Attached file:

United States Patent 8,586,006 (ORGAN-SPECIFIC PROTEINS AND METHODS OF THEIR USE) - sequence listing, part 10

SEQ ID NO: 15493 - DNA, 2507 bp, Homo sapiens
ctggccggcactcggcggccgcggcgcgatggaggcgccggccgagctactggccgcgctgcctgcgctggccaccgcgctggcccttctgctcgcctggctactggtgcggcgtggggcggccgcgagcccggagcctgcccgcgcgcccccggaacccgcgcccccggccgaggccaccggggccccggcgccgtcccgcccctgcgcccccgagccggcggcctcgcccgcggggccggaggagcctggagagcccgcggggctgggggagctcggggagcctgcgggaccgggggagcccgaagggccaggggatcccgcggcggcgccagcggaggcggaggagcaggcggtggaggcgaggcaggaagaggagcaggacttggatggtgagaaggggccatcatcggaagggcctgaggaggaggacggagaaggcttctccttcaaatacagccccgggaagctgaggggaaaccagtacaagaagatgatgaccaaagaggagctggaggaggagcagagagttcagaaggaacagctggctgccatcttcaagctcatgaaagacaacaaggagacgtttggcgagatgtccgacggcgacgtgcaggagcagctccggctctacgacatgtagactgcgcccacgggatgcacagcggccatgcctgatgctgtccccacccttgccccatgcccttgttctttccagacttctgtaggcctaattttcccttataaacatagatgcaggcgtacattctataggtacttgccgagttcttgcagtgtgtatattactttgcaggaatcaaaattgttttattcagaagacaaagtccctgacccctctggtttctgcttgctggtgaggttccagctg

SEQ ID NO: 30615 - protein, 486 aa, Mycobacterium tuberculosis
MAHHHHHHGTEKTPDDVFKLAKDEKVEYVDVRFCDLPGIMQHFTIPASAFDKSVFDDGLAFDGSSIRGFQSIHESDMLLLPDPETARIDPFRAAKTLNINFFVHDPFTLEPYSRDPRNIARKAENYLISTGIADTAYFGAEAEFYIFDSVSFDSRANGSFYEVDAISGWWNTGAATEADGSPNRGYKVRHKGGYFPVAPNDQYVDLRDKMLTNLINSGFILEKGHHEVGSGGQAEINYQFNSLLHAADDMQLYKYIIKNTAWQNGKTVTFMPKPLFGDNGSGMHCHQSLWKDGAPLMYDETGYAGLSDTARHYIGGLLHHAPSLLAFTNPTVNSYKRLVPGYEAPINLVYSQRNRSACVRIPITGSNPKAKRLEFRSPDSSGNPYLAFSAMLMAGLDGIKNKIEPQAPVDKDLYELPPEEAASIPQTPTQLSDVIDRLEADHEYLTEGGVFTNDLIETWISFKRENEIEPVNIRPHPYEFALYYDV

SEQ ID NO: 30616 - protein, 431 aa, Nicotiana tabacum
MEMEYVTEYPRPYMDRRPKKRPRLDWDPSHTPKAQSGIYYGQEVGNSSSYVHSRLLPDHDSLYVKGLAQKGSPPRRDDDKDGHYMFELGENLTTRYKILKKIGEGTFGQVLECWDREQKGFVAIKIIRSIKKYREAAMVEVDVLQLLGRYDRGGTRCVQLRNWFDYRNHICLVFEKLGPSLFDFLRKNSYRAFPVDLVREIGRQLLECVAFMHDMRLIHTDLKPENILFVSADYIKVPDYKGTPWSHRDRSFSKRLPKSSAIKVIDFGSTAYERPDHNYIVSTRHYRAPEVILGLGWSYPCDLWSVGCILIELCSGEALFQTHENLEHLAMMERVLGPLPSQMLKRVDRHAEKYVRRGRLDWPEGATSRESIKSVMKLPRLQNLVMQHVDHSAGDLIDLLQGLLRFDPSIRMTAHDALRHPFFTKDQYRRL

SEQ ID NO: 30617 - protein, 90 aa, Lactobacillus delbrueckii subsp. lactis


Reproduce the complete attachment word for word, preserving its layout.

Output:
United States Patent 8,586,006 (ORGAN-SPECIFIC PROTEINS AND METHODS OF THEIR USE) - sequence listing, part 10

SEQ ID NO: 15493 - DNA, 2507 bp, Homo sapiens
ctggccggcactcggcggccgcggcgcgatggaggcgccggccgagctactggccgcgctgcctgcgctggccaccgcgctggcccttctgctcgcctggctactggtgcggcgtggggcggccgcgagcccggagcctgcccgcgcgcccccggaacccgcgcccccggccgaggccaccggggccccggcgccgtcccgcccctgcgcccccgagccggcggcctcgcccgcggggccggaggagcctggagagcccgcggggctgggggagctcggggagcctgcgggaccgggggagcccgaagggccaggggatcccgcggcggcgccagcggaggcggaggagcaggcggtggaggcgaggcaggaagaggagcaggacttggatggtgagaaggggccatcatcggaagggcctgaggaggaggacggagaaggcttctccttcaaatacagccccgggaagctgaggggaaaccagtacaagaagatgatgaccaaagaggagctggaggaggagcagagagttcagaaggaacagctggctgccatcttcaagctcatgaaagacaacaaggagacgtttggcgagatgtccgacggcgacgtgcaggagcagctccggctctacgacatgtagactgcgcccacgggatgcacagcggccatgcctgatgctgtccccacccttgccccatgcccttgttctttccagacttctgtaggcctaattttcccttataaacatagatgcaggcgtacattctataggtacttgccgagttcttgcagtgtgtatattactttgcaggaatcaaaattgttttattcagaagacaaagtccctgacccctctggtttctgcttgctggtgaggttccagctg

SEQ ID NO: 30615 - protein, 486 aa, Mycobacterium tuberculosis
MAHHHHHHGTEKTPDDVFKLAKDEKVEYVDVRFCDLPGIMQHFTIPASAFDKSVFDDGLAFDGSSIRGFQSIHESDMLLLPDPETARIDPFRAAKTLNINFFVHDPFTLEPYSRDPRNIARKAENYLISTGIADTAYFGAEAEFYIFDSVSFDSRANGSFYEVDAISGWWNTGAATEADGSPNRGYKVRHKGGYFPVAPNDQYVDLRDKMLTNLINSGFILEKGHHEVGSGGQAEINYQFNSLLHAADDMQLYKYIIKNTAWQNGKTVTFMPKPLFGDNGSGMHCHQSLWKDGAPLMYDETGYAGLSDTARHYIGGLLHHAPSLLAFTNPTVNSYKRLVPGYEAPINLVYSQRNRSACVRIPITGSNPKAKRLEFRSPDSSGNPYLAFSAMLMAGLDGIKNKIEPQAPVDKDLYELPPEEAASIPQTPTQLSDVIDRLEADHEYLTEGGVFTNDLIETWISFKRENEIEPVNIRPHPYEFALYYDV

SEQ ID NO: 30616 - protein, 431 aa, Nicotiana tabacum
MEMEYVTEYPRPYMDRRPKKRPRLDWDPSHTPKAQSGIYYGQEVGNSSSYVHSRLLPDHDSLYVKGLAQKGSPPRRDDDKDGHYMFELGENLTTRYKILKKIGEGTFGQVLECWDREQKGFVAIKIIRSIKKYREAAMVEVDVLQLLGRYDRGGTRCVQLRNWFDYRNHICLVFEKLGPSLFDFLRKNSYRAFPVDLVREIGRQLLECVAFMHDMRLIHTDLKPENILFVSADYIKVPDYKGTPWSHRDRSFSKRLPKSSAIKVIDFGSTAYERPDHNYIVSTRHYRAPEVILGLGWSYPCDLWSVGCILIELCSGEALFQTHENLEHLAMMERVLGPLPSQMLKRVDRHAEKYVRRGRLDWPEGATSRESIKSVMKLPRLQNLVMQHVDHSAGDLIDLLQGLLRFDPSIRMTAHDALRHPFFTKDQYRRL

SEQ ID NO: 30617 - protein, 90 aa, Lactobacillus delbrueckii subsp. lactis